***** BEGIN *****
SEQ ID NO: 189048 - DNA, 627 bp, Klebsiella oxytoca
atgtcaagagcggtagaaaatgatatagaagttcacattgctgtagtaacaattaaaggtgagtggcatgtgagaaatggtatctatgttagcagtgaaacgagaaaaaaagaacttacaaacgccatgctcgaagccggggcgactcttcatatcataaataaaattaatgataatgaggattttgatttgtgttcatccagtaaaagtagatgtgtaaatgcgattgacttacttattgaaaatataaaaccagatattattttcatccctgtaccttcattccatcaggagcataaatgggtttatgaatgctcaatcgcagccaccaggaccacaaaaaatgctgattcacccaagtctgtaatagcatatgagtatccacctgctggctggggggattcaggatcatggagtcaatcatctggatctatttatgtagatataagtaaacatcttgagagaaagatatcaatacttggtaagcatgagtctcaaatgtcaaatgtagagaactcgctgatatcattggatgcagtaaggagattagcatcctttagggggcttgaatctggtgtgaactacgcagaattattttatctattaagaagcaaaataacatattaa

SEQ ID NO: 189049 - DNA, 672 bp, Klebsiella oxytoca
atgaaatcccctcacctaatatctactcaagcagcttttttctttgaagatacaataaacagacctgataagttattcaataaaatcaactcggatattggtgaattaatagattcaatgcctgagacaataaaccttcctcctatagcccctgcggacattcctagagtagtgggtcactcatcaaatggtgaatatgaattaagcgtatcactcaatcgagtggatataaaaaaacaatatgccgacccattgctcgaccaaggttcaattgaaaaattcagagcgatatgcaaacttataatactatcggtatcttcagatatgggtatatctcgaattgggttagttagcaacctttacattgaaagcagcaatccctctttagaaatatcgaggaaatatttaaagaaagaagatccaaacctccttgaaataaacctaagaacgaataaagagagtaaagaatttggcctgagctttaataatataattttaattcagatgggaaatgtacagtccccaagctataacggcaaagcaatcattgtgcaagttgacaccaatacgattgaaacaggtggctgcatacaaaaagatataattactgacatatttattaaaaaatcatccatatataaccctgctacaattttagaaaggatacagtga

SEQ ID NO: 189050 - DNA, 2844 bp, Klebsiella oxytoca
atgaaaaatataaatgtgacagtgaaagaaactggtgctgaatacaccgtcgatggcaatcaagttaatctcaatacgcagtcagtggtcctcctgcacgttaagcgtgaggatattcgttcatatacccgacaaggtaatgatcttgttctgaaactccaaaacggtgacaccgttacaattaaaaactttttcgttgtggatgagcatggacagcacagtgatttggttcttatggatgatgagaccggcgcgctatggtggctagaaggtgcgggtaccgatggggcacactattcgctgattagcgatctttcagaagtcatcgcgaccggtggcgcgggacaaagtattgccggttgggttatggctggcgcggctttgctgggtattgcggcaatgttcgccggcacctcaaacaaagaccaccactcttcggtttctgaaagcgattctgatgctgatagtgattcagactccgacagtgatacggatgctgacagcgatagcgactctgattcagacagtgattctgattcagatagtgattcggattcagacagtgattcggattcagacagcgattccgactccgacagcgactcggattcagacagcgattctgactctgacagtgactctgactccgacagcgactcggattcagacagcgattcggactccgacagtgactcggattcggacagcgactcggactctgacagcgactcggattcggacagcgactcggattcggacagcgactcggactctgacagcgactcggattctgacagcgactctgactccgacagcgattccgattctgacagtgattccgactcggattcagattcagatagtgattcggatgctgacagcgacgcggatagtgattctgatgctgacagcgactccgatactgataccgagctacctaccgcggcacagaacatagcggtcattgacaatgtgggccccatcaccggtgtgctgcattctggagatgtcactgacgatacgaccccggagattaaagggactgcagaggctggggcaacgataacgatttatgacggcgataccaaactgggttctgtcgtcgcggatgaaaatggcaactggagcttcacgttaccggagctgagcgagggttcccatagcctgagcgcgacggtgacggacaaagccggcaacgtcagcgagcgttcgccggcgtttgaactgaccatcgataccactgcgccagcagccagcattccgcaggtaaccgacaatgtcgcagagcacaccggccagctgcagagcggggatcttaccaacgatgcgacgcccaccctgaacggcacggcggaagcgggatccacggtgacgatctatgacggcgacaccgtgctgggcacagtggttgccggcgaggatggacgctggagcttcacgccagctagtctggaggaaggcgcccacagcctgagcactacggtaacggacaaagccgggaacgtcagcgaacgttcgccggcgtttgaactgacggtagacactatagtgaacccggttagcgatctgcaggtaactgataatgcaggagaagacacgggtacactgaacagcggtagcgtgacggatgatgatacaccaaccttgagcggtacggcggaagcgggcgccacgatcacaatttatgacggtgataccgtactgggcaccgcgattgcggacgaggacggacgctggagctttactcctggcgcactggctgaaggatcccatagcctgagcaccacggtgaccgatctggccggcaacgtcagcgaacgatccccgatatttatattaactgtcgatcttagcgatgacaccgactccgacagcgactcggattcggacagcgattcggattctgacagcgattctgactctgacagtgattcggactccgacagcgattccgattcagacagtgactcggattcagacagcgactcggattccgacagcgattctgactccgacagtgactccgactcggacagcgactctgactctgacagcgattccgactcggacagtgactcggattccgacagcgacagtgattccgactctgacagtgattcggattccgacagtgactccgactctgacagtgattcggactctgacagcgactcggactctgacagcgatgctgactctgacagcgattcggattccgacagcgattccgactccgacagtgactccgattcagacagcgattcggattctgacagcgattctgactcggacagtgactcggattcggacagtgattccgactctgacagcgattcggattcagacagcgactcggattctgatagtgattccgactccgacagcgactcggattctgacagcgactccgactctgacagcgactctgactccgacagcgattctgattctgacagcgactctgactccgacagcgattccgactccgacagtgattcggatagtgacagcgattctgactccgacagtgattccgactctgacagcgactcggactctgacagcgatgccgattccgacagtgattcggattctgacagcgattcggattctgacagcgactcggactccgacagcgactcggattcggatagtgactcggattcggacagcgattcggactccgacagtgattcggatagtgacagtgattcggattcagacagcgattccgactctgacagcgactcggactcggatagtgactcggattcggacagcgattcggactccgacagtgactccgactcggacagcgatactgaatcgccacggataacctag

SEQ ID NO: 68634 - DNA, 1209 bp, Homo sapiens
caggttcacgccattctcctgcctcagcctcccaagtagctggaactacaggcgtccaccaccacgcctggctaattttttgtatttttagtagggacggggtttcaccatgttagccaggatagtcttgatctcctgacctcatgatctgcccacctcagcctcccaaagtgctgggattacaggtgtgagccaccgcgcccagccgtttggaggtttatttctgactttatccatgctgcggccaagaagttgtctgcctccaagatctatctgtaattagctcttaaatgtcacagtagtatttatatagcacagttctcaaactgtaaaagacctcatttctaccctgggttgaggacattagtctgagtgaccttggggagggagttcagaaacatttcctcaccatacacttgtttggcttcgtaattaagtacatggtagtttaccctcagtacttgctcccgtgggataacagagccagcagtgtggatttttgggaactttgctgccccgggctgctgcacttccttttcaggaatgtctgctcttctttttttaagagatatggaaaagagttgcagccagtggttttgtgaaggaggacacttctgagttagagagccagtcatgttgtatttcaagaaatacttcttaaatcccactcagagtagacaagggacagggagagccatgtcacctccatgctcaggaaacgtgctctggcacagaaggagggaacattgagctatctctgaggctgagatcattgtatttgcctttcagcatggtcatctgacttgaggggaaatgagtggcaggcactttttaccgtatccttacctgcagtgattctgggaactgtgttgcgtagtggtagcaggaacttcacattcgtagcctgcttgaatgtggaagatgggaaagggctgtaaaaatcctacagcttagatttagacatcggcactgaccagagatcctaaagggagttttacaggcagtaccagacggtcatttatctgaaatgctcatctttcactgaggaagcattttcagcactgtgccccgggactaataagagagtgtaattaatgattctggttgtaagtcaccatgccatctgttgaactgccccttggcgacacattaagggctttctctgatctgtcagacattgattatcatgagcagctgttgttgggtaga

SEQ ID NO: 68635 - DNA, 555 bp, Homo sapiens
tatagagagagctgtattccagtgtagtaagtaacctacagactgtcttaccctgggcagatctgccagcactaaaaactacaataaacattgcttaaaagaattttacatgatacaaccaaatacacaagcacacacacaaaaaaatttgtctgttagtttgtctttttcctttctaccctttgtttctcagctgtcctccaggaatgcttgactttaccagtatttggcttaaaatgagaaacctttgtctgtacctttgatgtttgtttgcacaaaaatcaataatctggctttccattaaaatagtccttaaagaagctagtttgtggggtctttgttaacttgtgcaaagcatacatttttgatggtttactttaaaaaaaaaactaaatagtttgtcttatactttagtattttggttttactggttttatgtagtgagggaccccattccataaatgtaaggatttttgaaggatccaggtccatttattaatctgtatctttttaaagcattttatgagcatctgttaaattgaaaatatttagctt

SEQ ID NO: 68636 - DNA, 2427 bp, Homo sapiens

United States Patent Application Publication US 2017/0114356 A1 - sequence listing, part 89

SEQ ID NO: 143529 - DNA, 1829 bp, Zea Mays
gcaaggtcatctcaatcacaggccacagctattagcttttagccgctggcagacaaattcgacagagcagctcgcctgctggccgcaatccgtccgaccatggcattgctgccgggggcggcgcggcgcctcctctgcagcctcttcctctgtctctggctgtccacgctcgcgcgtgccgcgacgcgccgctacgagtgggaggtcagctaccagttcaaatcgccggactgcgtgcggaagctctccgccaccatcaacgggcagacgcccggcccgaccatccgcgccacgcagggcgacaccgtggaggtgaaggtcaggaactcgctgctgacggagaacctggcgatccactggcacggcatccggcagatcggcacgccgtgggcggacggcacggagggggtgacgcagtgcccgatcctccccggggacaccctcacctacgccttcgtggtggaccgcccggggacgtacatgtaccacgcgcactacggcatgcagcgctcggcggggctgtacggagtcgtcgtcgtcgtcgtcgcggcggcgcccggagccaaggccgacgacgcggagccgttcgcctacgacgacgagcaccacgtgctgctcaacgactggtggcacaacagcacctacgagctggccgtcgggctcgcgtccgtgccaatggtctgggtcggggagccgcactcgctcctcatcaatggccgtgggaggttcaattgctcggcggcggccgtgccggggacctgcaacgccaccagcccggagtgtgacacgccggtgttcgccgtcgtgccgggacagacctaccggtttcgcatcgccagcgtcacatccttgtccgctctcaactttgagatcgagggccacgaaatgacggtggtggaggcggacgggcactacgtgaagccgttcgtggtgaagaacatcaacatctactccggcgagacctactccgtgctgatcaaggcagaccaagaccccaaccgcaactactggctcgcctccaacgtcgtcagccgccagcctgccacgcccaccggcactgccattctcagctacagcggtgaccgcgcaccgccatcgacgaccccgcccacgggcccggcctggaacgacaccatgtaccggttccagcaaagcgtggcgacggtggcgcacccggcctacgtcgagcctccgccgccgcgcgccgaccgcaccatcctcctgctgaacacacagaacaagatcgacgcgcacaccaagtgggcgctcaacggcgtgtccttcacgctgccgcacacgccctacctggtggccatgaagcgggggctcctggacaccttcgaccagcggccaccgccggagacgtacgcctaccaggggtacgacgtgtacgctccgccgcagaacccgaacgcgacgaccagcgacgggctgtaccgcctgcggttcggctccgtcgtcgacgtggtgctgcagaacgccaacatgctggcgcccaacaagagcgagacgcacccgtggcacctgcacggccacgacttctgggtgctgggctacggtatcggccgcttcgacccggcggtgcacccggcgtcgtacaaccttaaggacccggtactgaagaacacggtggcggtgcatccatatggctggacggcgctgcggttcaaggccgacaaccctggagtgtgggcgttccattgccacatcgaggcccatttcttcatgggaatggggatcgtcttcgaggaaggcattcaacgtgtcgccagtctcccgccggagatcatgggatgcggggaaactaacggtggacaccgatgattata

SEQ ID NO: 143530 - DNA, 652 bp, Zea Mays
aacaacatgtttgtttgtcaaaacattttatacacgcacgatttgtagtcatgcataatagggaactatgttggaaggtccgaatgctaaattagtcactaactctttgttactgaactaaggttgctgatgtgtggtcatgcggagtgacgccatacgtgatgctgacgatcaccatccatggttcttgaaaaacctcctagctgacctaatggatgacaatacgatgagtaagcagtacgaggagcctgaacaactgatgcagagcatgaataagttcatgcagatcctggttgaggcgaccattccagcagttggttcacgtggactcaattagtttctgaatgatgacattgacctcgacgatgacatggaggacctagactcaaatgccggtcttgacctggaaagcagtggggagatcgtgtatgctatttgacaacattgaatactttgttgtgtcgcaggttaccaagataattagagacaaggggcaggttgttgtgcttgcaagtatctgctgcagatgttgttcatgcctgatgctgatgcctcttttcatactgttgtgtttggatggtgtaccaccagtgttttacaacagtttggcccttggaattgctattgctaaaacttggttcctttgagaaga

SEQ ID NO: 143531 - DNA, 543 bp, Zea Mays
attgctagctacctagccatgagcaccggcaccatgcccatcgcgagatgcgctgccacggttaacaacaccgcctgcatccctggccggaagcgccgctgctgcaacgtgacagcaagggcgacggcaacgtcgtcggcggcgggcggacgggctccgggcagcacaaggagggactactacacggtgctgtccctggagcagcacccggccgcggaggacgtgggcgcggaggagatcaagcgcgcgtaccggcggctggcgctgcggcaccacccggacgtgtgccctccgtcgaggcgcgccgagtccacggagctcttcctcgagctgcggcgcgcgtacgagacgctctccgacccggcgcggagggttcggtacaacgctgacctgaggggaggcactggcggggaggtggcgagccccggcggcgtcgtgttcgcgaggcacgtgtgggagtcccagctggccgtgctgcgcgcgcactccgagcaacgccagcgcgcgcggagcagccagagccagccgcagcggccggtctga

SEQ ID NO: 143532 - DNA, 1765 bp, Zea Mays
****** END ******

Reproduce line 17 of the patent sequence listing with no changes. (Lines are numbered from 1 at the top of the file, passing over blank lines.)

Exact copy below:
SEQ ID NO: 143531 - DNA, 543 bp, Zea Mays